TED Conversations

Pabitra Mukhopadhyay

TEDCRED 50+

This conversation is closed. Start a new conversation
or join one »

He, she or s/he? Should languages be made gender neutral or be left on their own to preserve literary integrity?

My wife hates to be called an actress. She prefers ‘actor’ despite being reminded that semantically actor is not a gender neutral word. She maintains that words like author, actor, and doctor stress primarily on profession not gender.
I have a sneaking feeling she is feminist.
Feminists have long argued that sexist language can have real world consequences for gender relations and the relative status of men and women, and recent research suggests that grammatical gender can shape how people interpret the world around them along gender lines.
But language is as much a communication tool as literature. Some argue that steward and stewardess are distinct but equal terms and dropping one for another takes away the beauty of literary expression.
Interestingly there are a number of genderless languages, genderless in the less that these have no grammatical gender but have specific words to recognize gender. There are also natural gender languages which have evolved through a constant process on conscious neutralization of grammatical genders.
Things start to get serious when studies of Jennifer L. Prewitt-Freilino, T. Andrew Caswell and Emmi K. Laakso on the gendering of languages come to fore where after investigating 111 languages of the world their findings suggest that countries where gendered languages are spoken evidence less gender equality compared to countries with other grammatical gender systems. Furthermore, countries where natural gender languages are spoken demonstrate greater gender equality, which may be due to the ease of creating gender symmetric revisions to instances of sexist language.
Norway and Sweden show Global Gender Gap Indices of .82 and .81 (1 being ideally gender equal) and both these countries have natural gender languages. Yemen scores a GGG index of .46 with a gendered language.
Do you agree with this co-relation?

+5
Share:

Closing Statement from Pabitra Mukhopadhyay

If language is supposed to be anything that reflects human consciousness, it needs to account for the discrimination towards women at one point or other. Societies may work consciously to change it towards gender neutrality or simply gender neutrality should impact it in meaningful ways. It may not be conclusive at this stage what changes what but this discussion leaves ample indications that it may not be wise just to ignore it.

Showing single comment thread. View the full conversation.

  • Mar 23 2013: This is a massive question that becomes increasingly difficult to answer the more we try to understand what it actually asks.

    Is it possible it's more a culturally conditioned issue than a condition of gendered language? Does language influence culture or did culture influence language? It would take a very cleverly designed study to parse the distinction, I'm thinking a retrospective cross cultural meta analysis of the etiology of modern languages for several countries with disparate gender equalities. The control would have to be from a language which developed in a country where there has been equality from the beginning. A huge undertaking.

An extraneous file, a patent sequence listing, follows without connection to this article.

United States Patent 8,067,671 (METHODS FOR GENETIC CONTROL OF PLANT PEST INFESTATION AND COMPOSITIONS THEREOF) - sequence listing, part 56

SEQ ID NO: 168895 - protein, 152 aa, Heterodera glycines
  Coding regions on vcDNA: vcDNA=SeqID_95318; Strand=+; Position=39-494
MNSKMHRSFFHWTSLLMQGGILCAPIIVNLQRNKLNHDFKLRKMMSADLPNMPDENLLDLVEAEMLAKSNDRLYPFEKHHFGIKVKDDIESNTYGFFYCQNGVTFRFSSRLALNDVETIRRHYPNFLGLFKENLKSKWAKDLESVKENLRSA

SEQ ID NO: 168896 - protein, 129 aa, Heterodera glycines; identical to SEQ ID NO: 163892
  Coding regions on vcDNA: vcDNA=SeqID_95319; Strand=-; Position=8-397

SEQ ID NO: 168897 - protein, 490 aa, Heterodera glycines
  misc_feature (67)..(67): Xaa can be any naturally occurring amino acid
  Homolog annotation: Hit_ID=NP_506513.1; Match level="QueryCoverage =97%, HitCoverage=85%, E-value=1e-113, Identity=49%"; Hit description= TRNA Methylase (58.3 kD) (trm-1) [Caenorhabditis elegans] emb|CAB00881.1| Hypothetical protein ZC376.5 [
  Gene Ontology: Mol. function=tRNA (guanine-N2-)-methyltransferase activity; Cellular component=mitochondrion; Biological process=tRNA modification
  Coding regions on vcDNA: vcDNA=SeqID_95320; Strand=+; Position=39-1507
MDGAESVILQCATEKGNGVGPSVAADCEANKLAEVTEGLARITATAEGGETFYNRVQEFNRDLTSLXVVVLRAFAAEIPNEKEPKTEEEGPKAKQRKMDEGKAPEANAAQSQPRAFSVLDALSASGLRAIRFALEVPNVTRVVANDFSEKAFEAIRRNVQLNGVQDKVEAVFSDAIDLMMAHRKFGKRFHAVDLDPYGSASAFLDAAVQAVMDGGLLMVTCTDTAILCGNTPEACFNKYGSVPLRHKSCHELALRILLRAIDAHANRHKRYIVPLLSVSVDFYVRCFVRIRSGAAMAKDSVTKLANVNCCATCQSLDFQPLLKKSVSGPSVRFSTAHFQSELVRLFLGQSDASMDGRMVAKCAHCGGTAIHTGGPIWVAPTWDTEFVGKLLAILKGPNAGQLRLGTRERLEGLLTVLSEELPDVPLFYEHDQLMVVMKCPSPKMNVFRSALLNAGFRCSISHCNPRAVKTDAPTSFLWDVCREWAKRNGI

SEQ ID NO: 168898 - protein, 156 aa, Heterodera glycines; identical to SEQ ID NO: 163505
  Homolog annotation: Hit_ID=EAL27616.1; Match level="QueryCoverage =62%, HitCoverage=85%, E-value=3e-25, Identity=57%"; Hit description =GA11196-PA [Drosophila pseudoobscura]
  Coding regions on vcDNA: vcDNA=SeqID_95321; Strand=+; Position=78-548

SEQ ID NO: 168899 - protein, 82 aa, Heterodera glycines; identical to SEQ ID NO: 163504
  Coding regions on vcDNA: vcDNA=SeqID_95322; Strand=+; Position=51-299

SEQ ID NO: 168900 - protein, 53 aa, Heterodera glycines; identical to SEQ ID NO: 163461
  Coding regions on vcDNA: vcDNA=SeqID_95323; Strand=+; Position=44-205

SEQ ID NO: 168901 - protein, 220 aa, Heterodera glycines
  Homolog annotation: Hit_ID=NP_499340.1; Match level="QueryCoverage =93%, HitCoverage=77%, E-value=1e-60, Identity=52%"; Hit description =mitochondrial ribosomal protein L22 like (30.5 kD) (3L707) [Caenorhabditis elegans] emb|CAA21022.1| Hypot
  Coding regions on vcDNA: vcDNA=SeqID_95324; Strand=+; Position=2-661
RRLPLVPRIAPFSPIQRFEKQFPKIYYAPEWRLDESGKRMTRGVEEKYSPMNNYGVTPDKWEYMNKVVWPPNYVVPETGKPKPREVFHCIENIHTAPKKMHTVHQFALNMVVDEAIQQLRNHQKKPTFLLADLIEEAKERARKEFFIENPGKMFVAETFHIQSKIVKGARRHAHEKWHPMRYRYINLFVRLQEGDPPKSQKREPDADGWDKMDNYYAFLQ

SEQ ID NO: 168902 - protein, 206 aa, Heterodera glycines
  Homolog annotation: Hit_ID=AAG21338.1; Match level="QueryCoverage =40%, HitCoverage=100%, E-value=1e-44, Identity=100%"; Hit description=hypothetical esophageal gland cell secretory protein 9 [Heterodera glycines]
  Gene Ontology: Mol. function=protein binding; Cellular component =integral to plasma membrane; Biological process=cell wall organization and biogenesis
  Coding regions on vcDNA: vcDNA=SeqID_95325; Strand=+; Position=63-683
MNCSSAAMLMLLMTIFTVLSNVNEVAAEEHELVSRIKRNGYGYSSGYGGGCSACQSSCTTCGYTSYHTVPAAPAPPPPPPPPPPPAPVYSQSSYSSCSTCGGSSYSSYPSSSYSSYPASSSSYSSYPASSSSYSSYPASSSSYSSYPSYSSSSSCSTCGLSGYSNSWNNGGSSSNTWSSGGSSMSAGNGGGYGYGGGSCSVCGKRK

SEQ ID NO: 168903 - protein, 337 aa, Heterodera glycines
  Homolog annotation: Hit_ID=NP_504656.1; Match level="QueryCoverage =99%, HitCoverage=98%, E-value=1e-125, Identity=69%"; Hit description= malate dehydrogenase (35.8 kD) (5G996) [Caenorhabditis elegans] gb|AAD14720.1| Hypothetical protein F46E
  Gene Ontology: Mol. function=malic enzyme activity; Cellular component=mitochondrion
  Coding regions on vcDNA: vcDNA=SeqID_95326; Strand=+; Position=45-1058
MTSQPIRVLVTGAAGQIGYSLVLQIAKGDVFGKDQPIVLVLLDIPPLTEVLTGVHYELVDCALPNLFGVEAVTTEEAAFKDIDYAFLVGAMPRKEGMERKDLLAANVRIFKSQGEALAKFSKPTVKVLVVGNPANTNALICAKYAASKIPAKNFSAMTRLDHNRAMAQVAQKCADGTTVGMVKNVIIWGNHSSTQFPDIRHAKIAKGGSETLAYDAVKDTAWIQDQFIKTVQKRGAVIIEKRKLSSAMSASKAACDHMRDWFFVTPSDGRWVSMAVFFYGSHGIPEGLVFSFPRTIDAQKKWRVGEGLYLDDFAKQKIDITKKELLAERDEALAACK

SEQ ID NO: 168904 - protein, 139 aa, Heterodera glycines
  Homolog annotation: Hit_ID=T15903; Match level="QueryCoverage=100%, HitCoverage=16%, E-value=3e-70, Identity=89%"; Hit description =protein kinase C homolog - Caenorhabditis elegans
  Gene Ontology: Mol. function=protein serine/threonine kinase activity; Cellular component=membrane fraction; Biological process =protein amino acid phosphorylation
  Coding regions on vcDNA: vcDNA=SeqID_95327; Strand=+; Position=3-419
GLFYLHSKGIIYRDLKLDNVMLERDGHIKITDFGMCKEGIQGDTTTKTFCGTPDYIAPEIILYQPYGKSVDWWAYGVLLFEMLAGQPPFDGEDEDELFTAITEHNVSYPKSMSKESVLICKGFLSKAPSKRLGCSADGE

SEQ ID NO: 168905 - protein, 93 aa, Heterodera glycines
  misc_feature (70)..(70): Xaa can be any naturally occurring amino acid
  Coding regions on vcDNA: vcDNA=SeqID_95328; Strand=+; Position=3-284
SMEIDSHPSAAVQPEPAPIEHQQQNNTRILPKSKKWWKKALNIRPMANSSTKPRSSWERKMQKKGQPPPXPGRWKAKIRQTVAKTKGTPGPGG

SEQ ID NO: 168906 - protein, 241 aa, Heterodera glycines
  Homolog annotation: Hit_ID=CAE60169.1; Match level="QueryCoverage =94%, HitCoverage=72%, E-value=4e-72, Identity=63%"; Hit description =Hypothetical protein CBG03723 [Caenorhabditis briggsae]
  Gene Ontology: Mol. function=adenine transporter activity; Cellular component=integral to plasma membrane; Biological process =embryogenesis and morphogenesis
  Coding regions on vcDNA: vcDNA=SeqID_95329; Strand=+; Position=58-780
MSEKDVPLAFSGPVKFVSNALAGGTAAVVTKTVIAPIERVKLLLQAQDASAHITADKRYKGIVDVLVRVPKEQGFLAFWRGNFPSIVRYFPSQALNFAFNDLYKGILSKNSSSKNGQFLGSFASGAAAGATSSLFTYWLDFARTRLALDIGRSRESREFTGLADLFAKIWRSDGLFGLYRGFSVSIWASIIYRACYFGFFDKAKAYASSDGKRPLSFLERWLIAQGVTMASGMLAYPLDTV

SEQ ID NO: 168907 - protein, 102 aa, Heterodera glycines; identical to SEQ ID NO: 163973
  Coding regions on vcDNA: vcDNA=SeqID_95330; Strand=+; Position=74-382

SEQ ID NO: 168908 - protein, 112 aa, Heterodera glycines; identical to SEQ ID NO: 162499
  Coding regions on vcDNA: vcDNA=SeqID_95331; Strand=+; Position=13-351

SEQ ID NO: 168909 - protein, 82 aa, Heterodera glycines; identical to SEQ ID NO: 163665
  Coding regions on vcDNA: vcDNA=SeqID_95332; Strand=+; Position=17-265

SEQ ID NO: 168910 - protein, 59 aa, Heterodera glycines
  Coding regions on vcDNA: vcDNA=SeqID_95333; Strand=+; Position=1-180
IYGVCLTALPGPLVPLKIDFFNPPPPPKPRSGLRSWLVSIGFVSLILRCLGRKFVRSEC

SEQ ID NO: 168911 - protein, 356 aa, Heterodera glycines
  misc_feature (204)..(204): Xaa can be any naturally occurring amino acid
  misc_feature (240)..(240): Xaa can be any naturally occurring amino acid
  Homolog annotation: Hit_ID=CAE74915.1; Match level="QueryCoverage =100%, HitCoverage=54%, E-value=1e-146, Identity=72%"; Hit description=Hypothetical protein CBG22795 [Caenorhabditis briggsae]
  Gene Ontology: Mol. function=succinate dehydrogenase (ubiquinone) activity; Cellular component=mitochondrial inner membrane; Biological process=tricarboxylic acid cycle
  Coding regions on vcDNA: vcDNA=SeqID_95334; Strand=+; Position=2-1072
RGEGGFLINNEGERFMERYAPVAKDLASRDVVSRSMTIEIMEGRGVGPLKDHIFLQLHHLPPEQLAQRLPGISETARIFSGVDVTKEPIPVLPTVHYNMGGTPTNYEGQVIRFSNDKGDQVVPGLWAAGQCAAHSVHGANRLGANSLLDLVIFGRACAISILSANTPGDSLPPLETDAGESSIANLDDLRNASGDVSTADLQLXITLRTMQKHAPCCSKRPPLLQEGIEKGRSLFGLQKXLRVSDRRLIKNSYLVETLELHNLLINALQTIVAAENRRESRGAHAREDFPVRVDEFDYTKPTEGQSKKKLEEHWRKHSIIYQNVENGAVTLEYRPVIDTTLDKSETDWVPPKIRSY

• thumb

      . . 100+

      • 0
      Mar 26 2013: This study "a retrospective cross cultural meta analysis of the etiology of modern languages for several countries with disparate gender equalities." is an EXCELLENT idea Andrew. Is there a country where there has been equality from the beginning?
      • Mar 26 2013: Carolyn Mcauley (posted below this reply) may be able to lend directions.
        • thumb

          . . 100+

          • 0
          Mar 27 2013: Interesting - marked for further study -Thanks Andrew :-)

          "There is already a people who are gender neutral regarding words...they are in Zaire, Africa: Mbuti tribe ....The Mbuti tribe only have one word for elder,peer and child." This next part shows they are really smart: " They advocate competition as unacceptable as it isolates the winner and saddens the losers "

          5 Languages spoken in Zaire: French, Lingala · Kongo, Swahili · Tshiluba

          A sample of the language is:
          Bantu bonsu badi baledibwa badikadile ne badi ne makokeshi amwe. Badi ne lungenyi lwa bumuntu ne kondo ka moyo, badi ne bwa kwenzelangana malu mu buwetu.

          " All human beings are born free and equal in dignity and rights. They are endowed with reason and conscience and should act towards one another in a spirit of brotherhood. "

          Beautiful !!
      • Mar 27 2013: I chuckled when I read "Brotherhood" and can only assume their gender neutral word for that interpersonal relationsip doesn't directly translate to English, though camaraderie might work :P
        • thumb

          . . 100+

          • 0
          Mar 28 2013: You are right!! That is funny :-) ....It seems English is the one needing to be upgraded....it'll take time but we can fix it. What word can we use to improve our language?

          " All human beings are born free and equal in dignity and rights. They are endowed with reason and conscience and should act towards one another in a spirit of _______________ - (Insert your better / best word?)

          I do like camaraderie...

Showing single comment thread. View the full conversation.